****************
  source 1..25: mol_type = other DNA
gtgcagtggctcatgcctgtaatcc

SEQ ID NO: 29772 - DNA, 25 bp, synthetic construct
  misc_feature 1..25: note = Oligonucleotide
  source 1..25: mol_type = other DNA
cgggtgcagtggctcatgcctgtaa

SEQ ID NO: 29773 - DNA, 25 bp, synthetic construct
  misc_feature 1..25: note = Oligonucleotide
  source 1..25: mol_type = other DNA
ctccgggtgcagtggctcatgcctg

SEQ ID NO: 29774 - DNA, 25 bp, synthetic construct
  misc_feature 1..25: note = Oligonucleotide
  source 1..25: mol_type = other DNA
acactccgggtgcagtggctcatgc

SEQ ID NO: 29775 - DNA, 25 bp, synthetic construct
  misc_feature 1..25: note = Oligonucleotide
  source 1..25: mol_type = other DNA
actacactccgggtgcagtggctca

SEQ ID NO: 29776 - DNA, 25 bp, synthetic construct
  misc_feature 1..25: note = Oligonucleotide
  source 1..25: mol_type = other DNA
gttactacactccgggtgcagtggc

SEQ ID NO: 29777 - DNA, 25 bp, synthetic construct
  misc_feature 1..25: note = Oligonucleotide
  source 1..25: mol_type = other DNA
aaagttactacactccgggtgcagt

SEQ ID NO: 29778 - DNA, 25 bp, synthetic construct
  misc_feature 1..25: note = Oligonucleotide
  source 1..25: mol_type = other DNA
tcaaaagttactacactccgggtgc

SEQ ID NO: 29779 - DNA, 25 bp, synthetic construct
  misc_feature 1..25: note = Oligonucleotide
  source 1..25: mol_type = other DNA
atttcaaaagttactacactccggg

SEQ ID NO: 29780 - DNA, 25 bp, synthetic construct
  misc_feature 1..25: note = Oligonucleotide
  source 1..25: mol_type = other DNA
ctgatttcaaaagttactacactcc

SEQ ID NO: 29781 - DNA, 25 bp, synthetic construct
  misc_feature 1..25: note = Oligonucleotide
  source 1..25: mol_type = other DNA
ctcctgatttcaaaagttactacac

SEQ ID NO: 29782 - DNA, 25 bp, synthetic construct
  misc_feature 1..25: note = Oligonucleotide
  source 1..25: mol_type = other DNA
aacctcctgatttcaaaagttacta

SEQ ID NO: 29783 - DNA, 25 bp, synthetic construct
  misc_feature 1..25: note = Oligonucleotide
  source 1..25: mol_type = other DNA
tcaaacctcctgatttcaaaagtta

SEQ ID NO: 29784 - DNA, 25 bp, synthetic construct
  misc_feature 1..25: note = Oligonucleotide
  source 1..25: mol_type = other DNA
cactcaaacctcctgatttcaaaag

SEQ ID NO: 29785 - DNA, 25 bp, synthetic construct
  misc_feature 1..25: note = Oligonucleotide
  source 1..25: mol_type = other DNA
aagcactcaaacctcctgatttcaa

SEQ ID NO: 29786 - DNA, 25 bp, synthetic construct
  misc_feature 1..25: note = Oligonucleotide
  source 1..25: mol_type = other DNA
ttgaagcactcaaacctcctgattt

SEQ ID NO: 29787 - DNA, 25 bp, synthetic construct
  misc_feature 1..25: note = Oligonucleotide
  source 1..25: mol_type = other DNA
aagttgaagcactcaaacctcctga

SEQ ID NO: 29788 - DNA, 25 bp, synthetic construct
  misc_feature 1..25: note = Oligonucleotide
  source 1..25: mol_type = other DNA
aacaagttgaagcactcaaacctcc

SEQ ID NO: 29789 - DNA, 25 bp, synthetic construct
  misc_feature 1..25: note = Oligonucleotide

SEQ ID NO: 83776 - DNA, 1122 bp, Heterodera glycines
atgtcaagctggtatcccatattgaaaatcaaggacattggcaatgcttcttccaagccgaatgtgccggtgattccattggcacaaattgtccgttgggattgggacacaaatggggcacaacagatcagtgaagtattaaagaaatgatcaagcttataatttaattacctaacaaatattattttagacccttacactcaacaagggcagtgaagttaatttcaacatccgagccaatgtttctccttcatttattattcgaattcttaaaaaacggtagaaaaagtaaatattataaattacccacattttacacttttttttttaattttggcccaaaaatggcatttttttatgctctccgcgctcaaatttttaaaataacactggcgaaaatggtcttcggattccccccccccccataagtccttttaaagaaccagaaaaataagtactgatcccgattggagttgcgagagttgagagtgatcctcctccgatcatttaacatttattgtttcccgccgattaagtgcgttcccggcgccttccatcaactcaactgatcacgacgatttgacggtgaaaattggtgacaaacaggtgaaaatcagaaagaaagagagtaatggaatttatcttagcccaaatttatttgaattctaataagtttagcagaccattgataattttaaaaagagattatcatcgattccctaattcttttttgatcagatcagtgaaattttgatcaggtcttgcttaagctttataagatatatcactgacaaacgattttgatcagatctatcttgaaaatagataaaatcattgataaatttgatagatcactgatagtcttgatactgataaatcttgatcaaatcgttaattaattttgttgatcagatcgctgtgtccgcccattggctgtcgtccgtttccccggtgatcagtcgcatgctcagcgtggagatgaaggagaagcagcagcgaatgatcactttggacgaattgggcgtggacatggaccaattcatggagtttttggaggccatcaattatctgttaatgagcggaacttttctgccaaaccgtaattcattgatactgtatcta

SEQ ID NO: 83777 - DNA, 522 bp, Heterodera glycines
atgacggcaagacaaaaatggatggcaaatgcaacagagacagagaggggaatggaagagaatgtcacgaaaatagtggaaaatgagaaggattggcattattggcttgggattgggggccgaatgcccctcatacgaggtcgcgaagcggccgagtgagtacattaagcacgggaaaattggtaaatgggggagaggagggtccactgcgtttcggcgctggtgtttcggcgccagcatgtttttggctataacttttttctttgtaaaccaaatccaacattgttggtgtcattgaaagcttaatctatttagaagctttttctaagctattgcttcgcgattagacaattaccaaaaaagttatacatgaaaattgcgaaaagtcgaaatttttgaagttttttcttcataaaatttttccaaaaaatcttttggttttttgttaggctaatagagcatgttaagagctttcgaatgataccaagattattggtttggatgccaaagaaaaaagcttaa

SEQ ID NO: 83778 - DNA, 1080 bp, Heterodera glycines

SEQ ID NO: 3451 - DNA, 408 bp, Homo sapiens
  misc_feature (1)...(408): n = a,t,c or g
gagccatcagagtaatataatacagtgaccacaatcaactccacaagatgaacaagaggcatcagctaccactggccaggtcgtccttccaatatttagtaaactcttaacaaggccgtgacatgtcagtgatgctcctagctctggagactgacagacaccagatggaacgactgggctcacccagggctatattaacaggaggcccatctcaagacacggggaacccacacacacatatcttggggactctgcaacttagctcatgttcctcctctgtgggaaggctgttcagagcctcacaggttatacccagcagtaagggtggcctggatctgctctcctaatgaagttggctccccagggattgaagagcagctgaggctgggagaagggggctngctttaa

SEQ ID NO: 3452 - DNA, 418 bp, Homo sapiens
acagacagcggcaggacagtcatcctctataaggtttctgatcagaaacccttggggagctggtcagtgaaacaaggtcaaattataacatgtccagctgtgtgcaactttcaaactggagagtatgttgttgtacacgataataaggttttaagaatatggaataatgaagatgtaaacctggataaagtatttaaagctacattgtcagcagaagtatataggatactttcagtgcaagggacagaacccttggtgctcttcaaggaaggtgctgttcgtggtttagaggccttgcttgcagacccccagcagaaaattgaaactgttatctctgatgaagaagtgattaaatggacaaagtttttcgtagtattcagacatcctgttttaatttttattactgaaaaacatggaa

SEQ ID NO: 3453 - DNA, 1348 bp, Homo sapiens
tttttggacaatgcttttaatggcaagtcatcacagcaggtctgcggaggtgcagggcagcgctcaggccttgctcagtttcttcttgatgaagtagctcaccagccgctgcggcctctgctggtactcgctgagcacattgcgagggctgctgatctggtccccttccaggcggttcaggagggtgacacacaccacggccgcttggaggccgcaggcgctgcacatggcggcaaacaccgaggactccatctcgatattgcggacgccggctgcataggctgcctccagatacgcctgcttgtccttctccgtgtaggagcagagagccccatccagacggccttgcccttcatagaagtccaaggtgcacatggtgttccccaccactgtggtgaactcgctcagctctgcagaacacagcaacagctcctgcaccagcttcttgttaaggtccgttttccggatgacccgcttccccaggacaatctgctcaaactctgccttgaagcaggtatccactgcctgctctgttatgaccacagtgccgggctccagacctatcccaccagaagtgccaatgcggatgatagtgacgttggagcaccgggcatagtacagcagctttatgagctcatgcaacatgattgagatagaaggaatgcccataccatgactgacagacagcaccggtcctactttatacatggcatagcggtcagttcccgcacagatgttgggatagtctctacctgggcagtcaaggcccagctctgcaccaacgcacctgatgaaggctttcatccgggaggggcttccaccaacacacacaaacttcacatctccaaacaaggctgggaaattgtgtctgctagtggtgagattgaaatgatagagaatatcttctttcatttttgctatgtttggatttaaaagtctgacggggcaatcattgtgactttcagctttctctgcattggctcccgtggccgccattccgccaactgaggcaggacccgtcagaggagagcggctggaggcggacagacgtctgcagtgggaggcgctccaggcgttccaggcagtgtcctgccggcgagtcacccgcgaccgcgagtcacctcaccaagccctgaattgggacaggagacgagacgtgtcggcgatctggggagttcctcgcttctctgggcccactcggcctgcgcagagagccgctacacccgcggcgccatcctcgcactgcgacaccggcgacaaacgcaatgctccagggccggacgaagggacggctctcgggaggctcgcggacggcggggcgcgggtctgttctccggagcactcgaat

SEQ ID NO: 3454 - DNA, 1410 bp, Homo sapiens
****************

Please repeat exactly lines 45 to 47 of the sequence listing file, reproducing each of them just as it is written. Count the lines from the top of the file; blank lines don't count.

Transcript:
  source 1..25: mol_type = other DNA
aacctcctgatttcaaaagttacta

SEQ ID NO: 29783 - DNA, 25 bp, synthetic construct